Closing down and marking the school year as “done” is even described differently and tugs at your humanity.

You need to read both as I suspect she’s sharing stories that many teachers are thinking and experiencing and don’t have the benefit of a blog to put it out there.


Please take the time to follow this yet again wonderful collection of Ontario bloggers.

  • Nilmini Ratwatte-Henstridge – @NRatwatte
  • Will Gourley – @WillGourley
  • Melanie White – @WhiteRoomRadio
  • Tim King – @tk1ng
  • Michelle Fenn – @Toadmummy
  • Jennifer Casa-Todd – @jcasatodd
  • Lisa Corbett – @LisaCorbett0261

The voicEd Radio show is available here.

This Week in Ontario Edublogs


I always conclude this Friday post with an encouragement to click through and read the posts highlighted here. You can’t miss them; I make them large, bold with a live link. I’ll do that first this week just to encourage you. There’s nothing like the wit and wisdom of Ontario Edubloggers.


Online Instruction of Students with Learning Disabilities

Deb Weston does a nice analysis of online instruction for students with learning disabilities. This is her particular area of expertise. Her conclusion appears at the bottom of the post.

Online learning does not support the needs of most students with learning disabilities

I suspect that we all saw that coming.

But that doesn’t mean that you shouldn’t go through and read the entire post. She does a pretty fair and balanced approach to the topic. I think that you’ll find that you’ll agree that students with learning disabilities don’t have a monopoly over the points she discusses. They apply to all students.

The big takeaway since online is going to be around for a while is to look at the positives and work to reinforce them. Then, look at the negative issues she lists and see if there’s not a way to mitigate them.


Tips for Teaching Online

The duo of Lisa and Steven Floyd team up with a post that includes a dozen tips for teaching online. This is a nice followup read to Deb’s post above. So, what can you do and what can you avoid doing?

All of the points discussed are important and I’d encourage thinking about all of them. Three really leaped out at me.

Develop a “one-stop-shop”
I think that this is crucial. Even after a year of on again off again teaching and learning online the skills that are necessary aren’t fully developed everywhere. In particular, having to “go here”, then “go there”, then “go here”, … is a recipe for failure. A portal where everything is in one spot is so helpful. If you know how, have any link open in a new tab or a new window so that the student is back “home” to the portal when they close it.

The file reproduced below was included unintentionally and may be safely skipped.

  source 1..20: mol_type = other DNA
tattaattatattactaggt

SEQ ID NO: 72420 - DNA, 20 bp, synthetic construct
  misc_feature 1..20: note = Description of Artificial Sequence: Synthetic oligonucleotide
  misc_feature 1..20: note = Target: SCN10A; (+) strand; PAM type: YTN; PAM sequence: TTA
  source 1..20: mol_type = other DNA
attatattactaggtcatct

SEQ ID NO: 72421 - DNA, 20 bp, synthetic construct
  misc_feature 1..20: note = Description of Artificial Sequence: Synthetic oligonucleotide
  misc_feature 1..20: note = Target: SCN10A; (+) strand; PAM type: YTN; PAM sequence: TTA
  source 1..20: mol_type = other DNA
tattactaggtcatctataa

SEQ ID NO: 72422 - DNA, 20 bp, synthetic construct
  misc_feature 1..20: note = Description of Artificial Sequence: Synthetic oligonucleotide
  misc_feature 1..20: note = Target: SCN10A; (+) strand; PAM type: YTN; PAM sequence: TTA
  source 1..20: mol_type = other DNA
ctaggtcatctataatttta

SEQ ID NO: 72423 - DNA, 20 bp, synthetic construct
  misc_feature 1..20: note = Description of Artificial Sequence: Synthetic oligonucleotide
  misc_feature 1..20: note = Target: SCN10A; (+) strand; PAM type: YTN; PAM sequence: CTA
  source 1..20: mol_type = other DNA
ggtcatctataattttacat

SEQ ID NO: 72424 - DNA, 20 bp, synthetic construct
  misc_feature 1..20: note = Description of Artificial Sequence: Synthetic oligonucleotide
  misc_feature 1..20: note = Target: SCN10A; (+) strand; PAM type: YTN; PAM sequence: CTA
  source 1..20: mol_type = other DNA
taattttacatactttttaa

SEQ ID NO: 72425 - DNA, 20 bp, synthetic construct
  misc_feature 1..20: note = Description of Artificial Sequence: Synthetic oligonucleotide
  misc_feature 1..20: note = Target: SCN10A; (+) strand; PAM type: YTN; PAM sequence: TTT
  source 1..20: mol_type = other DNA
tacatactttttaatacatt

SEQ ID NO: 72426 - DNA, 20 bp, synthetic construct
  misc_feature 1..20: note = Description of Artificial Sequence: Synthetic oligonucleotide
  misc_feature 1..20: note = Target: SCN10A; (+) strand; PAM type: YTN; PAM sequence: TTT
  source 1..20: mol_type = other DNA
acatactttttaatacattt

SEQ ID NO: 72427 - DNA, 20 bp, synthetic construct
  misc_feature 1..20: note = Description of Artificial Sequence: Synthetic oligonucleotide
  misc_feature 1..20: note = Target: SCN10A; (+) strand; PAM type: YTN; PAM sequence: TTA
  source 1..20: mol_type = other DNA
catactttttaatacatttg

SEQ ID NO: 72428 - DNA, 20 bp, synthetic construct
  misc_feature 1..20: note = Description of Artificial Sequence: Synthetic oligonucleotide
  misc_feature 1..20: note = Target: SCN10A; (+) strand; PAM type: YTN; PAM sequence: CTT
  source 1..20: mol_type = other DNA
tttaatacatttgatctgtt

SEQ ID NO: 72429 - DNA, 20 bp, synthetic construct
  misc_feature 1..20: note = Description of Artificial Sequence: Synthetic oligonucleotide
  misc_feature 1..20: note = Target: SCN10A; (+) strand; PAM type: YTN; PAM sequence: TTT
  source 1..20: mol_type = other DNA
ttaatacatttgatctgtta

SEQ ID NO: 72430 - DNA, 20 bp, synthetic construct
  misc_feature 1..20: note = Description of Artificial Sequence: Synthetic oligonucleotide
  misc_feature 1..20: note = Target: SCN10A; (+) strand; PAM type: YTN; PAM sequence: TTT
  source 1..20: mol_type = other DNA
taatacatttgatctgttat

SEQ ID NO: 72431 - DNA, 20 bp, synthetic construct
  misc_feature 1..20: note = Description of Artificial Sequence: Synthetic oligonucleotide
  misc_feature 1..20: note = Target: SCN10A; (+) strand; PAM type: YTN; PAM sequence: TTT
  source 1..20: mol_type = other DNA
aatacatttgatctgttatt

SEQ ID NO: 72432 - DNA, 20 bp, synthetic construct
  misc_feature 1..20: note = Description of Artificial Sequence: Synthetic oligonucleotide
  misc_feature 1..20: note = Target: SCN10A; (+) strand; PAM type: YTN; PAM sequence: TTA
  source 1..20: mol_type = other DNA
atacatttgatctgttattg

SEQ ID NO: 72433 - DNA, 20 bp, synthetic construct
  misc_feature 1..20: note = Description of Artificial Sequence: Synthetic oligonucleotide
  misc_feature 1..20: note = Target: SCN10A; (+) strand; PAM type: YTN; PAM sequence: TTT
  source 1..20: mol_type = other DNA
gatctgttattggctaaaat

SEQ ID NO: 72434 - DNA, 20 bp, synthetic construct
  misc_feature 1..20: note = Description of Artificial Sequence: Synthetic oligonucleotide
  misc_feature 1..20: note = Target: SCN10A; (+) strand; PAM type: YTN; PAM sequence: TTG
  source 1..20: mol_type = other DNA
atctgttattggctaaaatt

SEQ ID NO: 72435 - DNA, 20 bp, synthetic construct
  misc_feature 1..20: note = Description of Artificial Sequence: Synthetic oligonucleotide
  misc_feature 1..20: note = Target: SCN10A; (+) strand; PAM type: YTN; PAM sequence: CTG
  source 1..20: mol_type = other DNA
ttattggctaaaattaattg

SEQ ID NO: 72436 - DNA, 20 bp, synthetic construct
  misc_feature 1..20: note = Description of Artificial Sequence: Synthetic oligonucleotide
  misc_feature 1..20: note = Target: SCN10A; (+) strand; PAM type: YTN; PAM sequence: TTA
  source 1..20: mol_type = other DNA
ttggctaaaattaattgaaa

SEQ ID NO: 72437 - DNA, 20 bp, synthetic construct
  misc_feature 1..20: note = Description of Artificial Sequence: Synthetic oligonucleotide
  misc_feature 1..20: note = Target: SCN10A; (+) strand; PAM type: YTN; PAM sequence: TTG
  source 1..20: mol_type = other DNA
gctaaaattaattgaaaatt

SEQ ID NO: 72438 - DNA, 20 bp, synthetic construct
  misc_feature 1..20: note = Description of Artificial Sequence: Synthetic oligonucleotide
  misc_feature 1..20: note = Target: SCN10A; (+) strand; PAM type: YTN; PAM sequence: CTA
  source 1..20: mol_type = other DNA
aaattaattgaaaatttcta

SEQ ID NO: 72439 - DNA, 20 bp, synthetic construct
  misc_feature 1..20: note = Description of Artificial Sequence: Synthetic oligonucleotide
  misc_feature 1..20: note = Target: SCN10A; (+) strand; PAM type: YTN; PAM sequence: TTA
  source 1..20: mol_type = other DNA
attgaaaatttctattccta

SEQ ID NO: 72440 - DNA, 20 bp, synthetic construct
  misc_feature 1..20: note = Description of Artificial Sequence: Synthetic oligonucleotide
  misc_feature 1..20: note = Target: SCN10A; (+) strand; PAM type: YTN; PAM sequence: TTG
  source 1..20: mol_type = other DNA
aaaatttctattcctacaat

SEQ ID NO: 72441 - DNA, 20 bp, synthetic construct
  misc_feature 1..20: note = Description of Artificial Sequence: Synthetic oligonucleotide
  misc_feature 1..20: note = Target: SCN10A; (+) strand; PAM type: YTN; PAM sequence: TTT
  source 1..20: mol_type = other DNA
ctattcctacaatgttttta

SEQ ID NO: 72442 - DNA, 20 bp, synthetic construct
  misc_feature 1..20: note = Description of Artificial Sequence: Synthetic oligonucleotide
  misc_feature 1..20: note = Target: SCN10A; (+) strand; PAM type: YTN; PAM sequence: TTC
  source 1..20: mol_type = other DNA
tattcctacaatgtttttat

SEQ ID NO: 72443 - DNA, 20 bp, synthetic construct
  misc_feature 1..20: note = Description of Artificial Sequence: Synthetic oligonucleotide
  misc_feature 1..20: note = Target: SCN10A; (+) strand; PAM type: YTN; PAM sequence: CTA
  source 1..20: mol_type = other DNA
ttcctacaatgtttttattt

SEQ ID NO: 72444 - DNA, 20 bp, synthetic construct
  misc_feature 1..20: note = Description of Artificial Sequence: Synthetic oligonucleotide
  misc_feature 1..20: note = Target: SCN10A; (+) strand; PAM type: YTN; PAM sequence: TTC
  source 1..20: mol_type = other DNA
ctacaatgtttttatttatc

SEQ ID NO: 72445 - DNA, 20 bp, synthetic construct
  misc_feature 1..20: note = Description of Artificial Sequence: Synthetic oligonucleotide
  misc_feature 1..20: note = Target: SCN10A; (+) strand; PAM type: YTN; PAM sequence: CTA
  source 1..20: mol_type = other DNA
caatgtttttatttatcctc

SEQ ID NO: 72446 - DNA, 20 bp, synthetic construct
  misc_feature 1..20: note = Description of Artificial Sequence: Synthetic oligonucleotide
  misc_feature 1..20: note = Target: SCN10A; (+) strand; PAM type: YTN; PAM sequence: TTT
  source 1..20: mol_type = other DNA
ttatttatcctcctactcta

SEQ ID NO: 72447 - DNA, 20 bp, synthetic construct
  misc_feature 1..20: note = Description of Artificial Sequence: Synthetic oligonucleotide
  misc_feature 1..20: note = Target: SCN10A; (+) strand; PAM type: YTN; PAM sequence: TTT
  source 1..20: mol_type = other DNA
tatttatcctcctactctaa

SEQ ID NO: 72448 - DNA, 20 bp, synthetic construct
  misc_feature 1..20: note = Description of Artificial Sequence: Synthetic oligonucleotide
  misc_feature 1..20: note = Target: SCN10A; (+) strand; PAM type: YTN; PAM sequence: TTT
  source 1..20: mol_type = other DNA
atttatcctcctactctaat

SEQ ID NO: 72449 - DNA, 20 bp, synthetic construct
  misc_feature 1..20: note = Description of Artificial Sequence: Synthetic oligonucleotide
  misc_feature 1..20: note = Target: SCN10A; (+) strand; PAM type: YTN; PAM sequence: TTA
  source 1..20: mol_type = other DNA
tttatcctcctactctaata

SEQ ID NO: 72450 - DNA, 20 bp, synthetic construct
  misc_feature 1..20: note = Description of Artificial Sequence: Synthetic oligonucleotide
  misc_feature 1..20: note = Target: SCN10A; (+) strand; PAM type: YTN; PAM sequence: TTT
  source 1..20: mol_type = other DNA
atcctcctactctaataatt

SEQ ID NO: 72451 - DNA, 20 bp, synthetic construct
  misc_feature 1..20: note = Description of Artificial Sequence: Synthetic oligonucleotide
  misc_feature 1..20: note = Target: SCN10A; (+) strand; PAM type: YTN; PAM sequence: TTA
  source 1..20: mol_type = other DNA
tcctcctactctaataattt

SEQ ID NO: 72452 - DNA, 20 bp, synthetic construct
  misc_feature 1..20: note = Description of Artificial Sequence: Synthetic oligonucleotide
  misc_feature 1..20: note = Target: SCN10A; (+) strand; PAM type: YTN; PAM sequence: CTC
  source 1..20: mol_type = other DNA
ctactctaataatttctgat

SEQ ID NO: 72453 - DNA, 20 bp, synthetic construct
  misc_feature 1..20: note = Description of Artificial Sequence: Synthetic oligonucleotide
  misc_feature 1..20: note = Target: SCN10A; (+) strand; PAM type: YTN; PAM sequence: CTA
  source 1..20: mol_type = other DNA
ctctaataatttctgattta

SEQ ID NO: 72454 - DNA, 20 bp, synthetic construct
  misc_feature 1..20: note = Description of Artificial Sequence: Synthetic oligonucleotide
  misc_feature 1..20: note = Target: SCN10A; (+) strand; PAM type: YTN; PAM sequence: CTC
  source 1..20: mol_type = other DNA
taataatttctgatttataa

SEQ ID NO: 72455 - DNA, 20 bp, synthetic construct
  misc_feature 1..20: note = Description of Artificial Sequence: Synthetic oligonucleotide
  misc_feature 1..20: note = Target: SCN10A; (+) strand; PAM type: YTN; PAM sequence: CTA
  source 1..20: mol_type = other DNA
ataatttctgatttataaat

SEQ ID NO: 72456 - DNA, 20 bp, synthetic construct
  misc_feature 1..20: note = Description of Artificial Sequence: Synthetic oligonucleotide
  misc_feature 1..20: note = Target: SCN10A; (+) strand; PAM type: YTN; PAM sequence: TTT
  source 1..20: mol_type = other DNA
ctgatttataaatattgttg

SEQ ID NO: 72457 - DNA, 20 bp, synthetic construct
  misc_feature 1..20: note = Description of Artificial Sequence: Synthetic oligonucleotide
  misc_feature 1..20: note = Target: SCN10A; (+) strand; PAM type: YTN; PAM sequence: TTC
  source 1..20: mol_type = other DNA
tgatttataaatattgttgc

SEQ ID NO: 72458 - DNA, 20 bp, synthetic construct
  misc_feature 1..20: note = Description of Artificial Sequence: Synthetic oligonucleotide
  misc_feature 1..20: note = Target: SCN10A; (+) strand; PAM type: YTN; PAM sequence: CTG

Only use new tools if necessary
As educators, we know that there are so many really valuable tools out there to address various things. You really do need to think carefully before introducing new tools. In a face to face classroom, it’s easier for success because students can just look at the person next to them if challenged. Not so online. The key is to focus on what’s really important and necessary to address curriculum expectations. Knowing a gazillion different tools really isn’t in the curriculum.

Constant feedback to students – don’t need to submit everything
If there’s one thing that is really unique during times of teaching and learning online, it’s feedback. Face to face there are more ways to provide that feedback – through body language, a look, a word, … you do it constantly and probably not consciously. Feedback when online is an intentional act for the most part. I love the tip that not everything needs to be submitted for marking. Save everyone a little stress!


Belonging

There’s a world of advice is this post from Ann Marie Luce.

It’s sad to read the story of a friend with a “personal loss”. Reacting in times like that is what makes us human and hopping in a car to provide the support is something we do all the time. Obviously things are different these days.

Ann Marie then turns this into the concept of “belonging” which is always a big deal in education. There’s nothing worse than not belonging to a group when you really would benefit from being a part of it.

In a former job, I remember going from school to school and would appreciate the invitation to go to the staff room and join a group for a coffee or lunch and a chat. That isn’t happening now. Even staff members on the same staff can’t pull that off. There’s a challenge for principals to make up for this.

Ann Marie identifies a number of different topics surrounding the notion of belonging. They could be used as a challenge by leaders within a school or a rubric by educators about the leadership provided to them. And, if you’re the teacher/leader in the classroom, there’s lot to think about there.

Professional Learning opportunities are a shortage these days but reading Ann Marie’s questions and relating them to your situation may be the best thing that you can do for yourself today.


Numbers.